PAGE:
he is faithful and just to forgive us our sins: forgiveness of sin here intends not the act of forgiveness, as in God, proceeding upon the bloodshed and sacrifice of Christ, which is done at once, and includes all sin, past, present, and to come; but an application of pardoning grace to a poor sensible sinner, humbled under a sense of sin, and confessing it before the Lord; and confession of sin is not the cause or condition of pardon, nor of the manifestation of it, but is descriptive of the person, and points him out, to whom God will and does make known his forgiving love; for to whomsoever he grants repentance, he gives the remission of sin; in doing of which he is faithful to his word of promise; such as in Proverbs 28:13; "and just"; in being "true", as the Arabic version adds, to his word; and showing a proper regard to the blood and sacrifice of his Son; for his blood being shed, and hereby satisfaction made to the law and justice of God, it is a righteous thing in him to justify from sin, and forgive the sinner for whom Christ has shed his blood, and not impute it to him, or punish him for it; though the word here used may answer to the Hebrew word which sometimes carries in it the notion and idea of mercy and beneficence; hence mercy to the poor is sometimes expressed by righteousness; and the righteous acts of God intend his mercies and benefits unto men; see Daniel 4:27; and so forgiveness of sin springs from the tender mercies of our God, and is both an act of justice and of mercy; of justice, with respect to the blood of Christ, and of pure grace and mercy to the pardoned sinner: the following clause,

and to cleanse us, from all unrighteousness, is but the same thing expressed in different words; for all unrighteousness is sin, and to cleanse from sin is to remove the guilt of it, by an application of the blood of Christ for pardon. The antecedent to the relative "he" in the text, is either God, who is light, and with whom the saints have fellowship; or his Son Jesus Christ, who is the nearest antecedent, and who, being truly God, has a power to forgive sin.

{6} If we confess our sins, he is {g} faithful and just to {h} forgive us our sins, and to cleanse us from all unrighteousness.

(6) Therefore the beginning of salvation is to acknowledge our wickedness and to require pardon from him, who freely forgives all sins, because he has promised to do so and he is faithful and just.

(g) So then our salvation depends on the free promise of God, who because he is faithful and just, will perform that which he hath promised.

(h) Where then are our merits? for this is our true happiness.

Confess (ὁμολογῶμεν)

From ὁμός, one and the same, and λέγω, to say. Hence, primarily, to say the same thing as another, and, therefore, to admit the truth of an accusation. Compare Psalm 51:4. The exact phrase, ὁμολογεῖν τὰς ἁμαρτίας confess the sins, does not occur elsewhere in the New Testament. Compare ἐξομολογεῖσθαι ἁμαρτίας (παραπτώματα) Matthew 3:6; Mark 1:5; James 5:16. See on Matthew 3:6; see on Matthew 11:25; see on Luke 22:6; see on Acts 19:18; see on James 5:16.

Sins

Note the plural, as compared with the singular, sin, in the previous verse. See note. The plural indicates that the confession is to be specific as well as general. Augustine's words are exactly to the point, but his play upon pardon and confess cannot be reproduced in English. "Vis ut ille ignoscat? Tu agnosce." Do you wish Him to forgive? Do you confess.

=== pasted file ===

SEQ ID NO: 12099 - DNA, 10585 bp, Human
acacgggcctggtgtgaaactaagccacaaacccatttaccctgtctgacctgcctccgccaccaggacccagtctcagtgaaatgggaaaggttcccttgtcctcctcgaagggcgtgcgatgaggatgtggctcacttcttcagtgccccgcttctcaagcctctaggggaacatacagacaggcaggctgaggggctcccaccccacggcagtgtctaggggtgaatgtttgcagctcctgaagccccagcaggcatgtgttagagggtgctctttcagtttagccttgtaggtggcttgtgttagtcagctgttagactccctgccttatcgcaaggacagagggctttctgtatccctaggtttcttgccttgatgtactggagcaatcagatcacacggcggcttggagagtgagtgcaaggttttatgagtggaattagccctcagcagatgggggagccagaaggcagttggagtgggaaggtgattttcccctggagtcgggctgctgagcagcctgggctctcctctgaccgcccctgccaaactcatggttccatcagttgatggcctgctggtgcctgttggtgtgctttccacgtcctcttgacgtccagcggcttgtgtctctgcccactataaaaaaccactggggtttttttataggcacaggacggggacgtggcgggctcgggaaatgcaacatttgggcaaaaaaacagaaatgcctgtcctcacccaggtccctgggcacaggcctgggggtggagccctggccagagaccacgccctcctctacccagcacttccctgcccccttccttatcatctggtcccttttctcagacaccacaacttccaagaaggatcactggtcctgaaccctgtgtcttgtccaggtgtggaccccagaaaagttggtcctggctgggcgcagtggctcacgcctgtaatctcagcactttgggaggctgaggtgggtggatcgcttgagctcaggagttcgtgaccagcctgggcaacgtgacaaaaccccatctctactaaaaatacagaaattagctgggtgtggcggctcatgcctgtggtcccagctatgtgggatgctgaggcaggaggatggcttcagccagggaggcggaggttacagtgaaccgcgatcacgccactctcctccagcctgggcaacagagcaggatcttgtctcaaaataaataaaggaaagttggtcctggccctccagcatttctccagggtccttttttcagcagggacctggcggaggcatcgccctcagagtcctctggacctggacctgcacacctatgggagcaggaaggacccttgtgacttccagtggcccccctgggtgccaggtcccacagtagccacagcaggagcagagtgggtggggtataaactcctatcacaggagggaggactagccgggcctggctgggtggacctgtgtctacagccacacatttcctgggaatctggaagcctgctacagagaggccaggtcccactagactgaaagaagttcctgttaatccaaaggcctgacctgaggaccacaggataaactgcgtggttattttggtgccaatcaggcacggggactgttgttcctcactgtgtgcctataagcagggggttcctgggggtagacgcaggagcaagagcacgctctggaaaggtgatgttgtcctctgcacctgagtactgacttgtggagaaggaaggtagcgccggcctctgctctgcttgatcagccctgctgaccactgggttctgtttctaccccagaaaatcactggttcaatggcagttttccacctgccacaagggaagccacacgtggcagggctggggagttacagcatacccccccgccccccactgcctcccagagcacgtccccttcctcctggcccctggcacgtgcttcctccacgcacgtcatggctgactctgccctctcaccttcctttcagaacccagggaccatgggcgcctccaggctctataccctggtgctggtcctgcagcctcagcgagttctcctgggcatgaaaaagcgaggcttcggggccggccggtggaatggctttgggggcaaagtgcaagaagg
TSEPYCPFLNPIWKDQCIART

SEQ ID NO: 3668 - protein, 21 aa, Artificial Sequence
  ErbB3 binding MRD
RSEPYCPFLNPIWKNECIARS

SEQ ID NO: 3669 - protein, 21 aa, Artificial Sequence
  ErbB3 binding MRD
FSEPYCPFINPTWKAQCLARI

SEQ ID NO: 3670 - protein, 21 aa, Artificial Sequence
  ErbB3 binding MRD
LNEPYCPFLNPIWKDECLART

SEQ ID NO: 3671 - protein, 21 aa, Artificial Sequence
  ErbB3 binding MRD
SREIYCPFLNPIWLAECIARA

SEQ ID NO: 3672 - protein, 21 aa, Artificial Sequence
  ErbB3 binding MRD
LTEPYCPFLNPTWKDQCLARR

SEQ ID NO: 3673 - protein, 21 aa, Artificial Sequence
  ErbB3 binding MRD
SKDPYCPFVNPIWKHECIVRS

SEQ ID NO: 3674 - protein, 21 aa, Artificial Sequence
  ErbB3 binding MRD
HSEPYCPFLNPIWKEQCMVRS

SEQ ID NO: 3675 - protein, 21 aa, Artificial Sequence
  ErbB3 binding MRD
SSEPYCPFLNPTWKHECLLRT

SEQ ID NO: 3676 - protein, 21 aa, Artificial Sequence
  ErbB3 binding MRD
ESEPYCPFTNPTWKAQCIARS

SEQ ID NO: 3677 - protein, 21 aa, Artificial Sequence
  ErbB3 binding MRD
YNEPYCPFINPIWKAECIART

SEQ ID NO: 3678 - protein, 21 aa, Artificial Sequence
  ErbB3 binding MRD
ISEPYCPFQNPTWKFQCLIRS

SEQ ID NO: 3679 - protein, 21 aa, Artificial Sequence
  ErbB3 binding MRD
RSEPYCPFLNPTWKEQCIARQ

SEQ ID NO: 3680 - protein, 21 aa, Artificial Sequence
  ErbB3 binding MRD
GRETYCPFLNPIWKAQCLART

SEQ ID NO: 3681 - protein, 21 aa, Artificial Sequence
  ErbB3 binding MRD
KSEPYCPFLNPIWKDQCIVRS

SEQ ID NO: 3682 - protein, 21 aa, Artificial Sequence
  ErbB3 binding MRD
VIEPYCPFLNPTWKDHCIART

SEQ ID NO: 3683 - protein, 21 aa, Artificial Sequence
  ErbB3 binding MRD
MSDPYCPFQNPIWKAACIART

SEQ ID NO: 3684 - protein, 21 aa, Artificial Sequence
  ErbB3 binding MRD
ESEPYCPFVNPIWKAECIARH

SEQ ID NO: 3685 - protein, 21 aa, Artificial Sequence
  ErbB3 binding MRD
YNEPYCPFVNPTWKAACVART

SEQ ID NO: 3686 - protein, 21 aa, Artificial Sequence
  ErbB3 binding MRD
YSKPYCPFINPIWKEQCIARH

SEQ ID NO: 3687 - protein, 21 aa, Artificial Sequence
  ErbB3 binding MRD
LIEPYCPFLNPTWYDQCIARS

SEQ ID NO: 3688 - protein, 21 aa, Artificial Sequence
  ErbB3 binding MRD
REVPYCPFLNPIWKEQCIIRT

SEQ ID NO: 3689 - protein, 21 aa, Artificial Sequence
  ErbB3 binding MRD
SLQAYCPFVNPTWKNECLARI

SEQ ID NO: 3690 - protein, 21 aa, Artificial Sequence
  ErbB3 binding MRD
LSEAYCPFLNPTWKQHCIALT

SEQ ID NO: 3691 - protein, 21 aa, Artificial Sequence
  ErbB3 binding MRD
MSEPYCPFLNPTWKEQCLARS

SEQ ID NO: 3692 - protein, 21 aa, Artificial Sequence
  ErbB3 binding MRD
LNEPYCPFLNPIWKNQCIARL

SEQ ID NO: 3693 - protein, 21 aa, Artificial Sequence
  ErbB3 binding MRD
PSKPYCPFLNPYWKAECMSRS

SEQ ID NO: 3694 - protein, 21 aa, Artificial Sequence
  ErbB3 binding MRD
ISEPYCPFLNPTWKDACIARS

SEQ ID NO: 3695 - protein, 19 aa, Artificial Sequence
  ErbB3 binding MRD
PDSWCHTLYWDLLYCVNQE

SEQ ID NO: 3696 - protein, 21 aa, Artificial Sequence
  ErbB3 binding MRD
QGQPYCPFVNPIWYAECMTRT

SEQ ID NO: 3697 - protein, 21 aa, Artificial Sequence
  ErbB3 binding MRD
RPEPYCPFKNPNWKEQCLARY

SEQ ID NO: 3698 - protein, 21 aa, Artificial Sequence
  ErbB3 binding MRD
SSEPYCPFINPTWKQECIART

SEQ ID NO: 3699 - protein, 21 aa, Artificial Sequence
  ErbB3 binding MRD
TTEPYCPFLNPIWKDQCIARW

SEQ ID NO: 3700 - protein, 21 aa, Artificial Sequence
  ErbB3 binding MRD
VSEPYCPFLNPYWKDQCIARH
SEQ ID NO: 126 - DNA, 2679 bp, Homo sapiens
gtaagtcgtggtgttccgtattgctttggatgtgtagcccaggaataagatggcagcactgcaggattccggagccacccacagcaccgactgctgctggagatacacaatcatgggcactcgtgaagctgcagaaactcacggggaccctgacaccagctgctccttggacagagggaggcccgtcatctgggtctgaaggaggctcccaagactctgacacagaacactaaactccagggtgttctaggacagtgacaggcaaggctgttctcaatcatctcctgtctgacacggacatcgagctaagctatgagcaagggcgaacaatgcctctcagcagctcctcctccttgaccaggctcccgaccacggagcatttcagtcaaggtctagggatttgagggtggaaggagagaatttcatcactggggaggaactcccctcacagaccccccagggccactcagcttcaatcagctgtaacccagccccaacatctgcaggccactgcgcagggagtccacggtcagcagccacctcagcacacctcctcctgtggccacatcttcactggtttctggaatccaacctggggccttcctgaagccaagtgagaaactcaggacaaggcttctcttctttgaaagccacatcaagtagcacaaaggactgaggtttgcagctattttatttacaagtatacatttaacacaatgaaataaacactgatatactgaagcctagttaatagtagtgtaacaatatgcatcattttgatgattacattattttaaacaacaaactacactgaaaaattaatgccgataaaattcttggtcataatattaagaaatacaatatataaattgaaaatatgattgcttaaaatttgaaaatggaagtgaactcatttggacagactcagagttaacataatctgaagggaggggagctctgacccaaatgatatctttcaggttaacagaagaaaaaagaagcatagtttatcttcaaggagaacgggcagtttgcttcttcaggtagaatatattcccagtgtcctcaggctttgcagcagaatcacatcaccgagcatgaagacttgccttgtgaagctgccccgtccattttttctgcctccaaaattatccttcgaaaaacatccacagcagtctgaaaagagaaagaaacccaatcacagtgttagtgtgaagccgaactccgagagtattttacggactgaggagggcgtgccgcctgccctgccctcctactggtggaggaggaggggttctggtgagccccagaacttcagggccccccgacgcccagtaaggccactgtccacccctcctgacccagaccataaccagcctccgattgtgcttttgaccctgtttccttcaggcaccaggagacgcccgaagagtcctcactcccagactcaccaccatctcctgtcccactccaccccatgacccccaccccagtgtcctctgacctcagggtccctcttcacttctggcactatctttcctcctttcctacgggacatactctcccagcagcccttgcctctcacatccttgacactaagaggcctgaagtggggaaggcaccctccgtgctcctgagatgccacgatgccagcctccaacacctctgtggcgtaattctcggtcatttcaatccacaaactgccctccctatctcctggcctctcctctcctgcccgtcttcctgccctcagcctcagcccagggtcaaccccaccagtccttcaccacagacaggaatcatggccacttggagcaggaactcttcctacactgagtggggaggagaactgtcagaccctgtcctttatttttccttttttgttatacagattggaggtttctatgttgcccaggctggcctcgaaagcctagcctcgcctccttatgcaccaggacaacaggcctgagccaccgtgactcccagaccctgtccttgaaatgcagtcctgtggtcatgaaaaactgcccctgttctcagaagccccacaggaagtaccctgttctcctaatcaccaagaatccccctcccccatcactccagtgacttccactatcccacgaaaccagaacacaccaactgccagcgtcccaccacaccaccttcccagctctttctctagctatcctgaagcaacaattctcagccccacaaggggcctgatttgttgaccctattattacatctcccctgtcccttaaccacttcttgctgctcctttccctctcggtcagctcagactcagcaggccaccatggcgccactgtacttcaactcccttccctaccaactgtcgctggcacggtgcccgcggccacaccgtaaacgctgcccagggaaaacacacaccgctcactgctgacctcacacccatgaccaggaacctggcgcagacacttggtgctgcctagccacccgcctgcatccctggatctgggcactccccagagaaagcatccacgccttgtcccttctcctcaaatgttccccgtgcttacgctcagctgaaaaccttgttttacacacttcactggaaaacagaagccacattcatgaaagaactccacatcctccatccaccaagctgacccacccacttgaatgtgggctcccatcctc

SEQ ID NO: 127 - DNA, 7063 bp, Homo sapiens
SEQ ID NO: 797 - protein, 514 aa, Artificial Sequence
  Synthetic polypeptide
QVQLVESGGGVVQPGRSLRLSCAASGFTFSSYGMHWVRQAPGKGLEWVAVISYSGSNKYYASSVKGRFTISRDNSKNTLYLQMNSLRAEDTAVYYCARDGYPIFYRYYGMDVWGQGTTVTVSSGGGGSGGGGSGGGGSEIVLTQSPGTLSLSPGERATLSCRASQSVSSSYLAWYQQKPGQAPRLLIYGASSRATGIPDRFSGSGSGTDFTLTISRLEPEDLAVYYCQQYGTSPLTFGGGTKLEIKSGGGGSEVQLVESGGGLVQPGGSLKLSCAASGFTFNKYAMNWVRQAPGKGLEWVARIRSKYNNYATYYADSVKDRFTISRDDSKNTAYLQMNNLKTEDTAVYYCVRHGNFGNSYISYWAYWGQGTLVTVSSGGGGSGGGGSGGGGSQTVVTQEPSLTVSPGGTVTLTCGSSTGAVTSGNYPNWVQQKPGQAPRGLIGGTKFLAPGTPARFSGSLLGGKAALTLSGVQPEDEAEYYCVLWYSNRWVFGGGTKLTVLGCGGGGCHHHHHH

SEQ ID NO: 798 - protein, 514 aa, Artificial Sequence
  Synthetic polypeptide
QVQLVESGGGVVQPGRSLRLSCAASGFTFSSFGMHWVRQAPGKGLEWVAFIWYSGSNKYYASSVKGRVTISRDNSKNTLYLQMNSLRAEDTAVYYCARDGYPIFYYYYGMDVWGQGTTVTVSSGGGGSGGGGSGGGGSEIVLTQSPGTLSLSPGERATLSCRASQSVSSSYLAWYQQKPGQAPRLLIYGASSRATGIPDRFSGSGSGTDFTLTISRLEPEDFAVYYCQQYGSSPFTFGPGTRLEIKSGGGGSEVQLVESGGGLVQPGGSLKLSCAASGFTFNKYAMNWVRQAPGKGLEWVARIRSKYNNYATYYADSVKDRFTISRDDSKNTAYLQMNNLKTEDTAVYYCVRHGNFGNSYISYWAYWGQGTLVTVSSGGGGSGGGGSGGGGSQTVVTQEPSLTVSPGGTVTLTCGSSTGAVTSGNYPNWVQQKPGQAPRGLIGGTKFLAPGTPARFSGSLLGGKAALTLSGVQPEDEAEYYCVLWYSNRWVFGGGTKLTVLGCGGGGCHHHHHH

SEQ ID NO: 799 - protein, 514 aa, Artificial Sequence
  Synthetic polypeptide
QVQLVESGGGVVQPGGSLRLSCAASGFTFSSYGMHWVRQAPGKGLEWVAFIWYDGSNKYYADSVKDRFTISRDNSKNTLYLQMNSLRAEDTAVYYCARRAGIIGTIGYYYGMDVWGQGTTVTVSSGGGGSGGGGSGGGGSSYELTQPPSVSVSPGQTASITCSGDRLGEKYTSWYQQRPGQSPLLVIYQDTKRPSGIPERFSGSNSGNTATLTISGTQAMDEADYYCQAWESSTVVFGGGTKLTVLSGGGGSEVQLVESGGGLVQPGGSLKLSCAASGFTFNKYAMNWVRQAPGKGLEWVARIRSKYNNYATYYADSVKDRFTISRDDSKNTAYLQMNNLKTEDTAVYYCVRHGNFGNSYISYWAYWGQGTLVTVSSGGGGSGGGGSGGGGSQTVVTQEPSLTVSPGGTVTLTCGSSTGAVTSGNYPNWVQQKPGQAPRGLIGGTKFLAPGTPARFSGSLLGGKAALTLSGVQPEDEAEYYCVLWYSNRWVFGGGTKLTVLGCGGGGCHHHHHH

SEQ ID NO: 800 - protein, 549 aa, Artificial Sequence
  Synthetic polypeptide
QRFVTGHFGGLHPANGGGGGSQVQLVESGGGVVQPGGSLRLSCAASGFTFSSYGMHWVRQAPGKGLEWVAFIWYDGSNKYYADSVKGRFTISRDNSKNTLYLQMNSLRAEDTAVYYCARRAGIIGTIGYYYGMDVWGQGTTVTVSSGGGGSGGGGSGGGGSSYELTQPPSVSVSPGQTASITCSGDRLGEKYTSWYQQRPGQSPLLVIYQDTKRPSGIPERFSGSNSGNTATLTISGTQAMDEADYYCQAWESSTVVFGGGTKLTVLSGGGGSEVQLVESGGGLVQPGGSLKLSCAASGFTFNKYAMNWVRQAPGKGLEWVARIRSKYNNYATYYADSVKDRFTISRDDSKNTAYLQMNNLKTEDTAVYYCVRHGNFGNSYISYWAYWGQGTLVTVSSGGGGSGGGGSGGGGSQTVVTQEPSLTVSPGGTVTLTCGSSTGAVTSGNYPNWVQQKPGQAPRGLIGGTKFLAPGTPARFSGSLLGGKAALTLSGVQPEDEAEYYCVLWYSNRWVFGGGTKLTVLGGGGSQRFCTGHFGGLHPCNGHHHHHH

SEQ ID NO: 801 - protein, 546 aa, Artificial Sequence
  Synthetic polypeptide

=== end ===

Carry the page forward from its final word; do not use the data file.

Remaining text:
Faithful (πιστός)

True to His own nature and promises; keeping faith with Himself and with man. The word is applied to God as fulfilling His own promises (Hebrews 10:23; Hebrews 11:11); as fulfilling the purpose for which He has called men (1 Thessalonians 5:24; 1 Corinthians 1:9); as responding with guardianship to the trust reposed in Him by men (1 Corinthians 10:13; 1 Peter 4:19). "He abideth faithful. He cannot deny Himself" (2 Timothy 2:13). The same term is applied to Christ (2 Thessalonians 3:3; Hebrews 3:2; Hebrews 2:17). God's faithfulness is here spoken of not only as essential to His own being, but as faithfulness toward us; "fidelity to that nature of truth and light, related to His own essence, which rules in us as far as we confess our sins" (Ebrard). The essence of the message of life is fellowship with God and with His children (1 John 1:3). God is light (1 John 1:5). Walking in the light we have fellowship, and the blood of Jesus is constantly applied to cleanse us from sin, which is darkness and which interrupts fellowship. If we walk in darkness we do not the truth. If we deny our sin the truth is not in us. If we confess our sins, "God, by whom we were called unto the fellowship of His Son Jesus Christ our Lord, is faithful" (1 Corinthians 1:9) to forgive our sins, to cleanse us from all unrighteousness, and thus to restore and maintain the interrupted fellowship.

Just (δίκαιος)

Rev., righteous. From δίκη right. The term is applied both to God and to Christ. See Revelation 16:5; John 17:25; 1 John 2:1; 1 John 3:7; 1 Peter 3:18. The two words, faithful and righteous, imply each other. They unite in a true conception of God's character. God, who is absolute rightness, must be faithful to His own nature, and His righteous dealing with men who partake of that nature and walk in fellowship with Him, is simply fidelity to Himself. "Righteousness is truth passing into action" (Westcott).

To forgive (ἵνα ἀφῇ)

See John 20:23; 1 John 2:12. Primarily the word means to send away, dismiss; hence of sins, to remit, as a debt. Cleansing (1 John 1:7) contemplates the personal character of the sinner; remission, his acts. See on Matthew 6:12; see on James 5:15. To forgive is, literally, that he may forgive. On John's use of ἵνα in order that, see on John 15:13; see on John 14:31. Forgiveness answers to the essential purpose of His faithful and righteous being.